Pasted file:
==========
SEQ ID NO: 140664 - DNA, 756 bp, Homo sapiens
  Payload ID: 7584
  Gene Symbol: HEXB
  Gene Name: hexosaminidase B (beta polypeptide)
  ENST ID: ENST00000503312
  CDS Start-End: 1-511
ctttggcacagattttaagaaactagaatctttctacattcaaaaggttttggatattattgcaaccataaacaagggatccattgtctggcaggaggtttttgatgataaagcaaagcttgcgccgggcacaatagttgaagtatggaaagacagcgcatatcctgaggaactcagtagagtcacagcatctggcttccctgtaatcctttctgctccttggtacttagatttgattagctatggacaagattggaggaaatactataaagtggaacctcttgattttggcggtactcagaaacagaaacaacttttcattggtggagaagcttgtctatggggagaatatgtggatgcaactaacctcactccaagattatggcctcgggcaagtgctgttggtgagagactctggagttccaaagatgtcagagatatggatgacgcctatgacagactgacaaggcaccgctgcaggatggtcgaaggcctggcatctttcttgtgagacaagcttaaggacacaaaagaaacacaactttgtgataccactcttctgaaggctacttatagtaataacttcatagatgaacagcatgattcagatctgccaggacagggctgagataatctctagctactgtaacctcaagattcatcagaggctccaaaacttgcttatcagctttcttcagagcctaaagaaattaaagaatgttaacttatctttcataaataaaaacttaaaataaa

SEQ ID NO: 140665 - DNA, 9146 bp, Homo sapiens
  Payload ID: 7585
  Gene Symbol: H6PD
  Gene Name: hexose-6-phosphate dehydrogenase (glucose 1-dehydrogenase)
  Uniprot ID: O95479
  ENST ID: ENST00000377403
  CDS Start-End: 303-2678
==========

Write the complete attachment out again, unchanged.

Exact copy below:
SEQ ID NO: 140664 - DNA, 756 bp, Homo sapiens
  Payload ID: 7584
  Gene Symbol: HEXB
  Gene Name: hexosaminidase B (beta polypeptide)
  ENST ID: ENST00000503312
  CDS Start-End: 1-511
ctttggcacagattttaagaaactagaatctttctacattcaaaaggttttggatattattgcaaccataaacaagggatccattgtctggcaggaggtttttgatgataaagcaaagcttgcgccgggcacaatagttgaagtatggaaagacagcgcatatcctgaggaactcagtagagtcacagcatctggcttccctgtaatcctttctgctccttggtacttagatttgattagctatggacaagattggaggaaatactataaagtggaacctcttgattttggcggtactcagaaacagaaacaacttttcattggtggagaagcttgtctatggggagaatatgtggatgcaactaacctcactccaagattatggcctcgggcaagtgctgttggtgagagactctggagttccaaagatgtcagagatatggatgacgcctatgacagactgacaaggcaccgctgcaggatggtcgaaggcctggcatctttcttgtgagacaagcttaaggacacaaaagaaacacaactttgtgataccactcttctgaaggctacttatagtaataacttcatagatgaacagcatgattcagatctgccaggacagggctgagataatctctagctactgtaacctcaagattcatcagaggctccaaaacttgcttatcagctttcttcagagcctaaagaaattaaagaatgttaacttatctttcataaataaaaacttaaaataaa

SEQ ID NO: 140665 - DNA, 9146 bp, Homo sapiens
  Payload ID: 7585
  Gene Symbol: H6PD
  Gene Name: hexose-6-phosphate dehydrogenase (glucose 1-dehydrogenase)
  Uniprot ID: O95479
  ENST ID: ENST00000377403
  CDS Start-End: 303-2678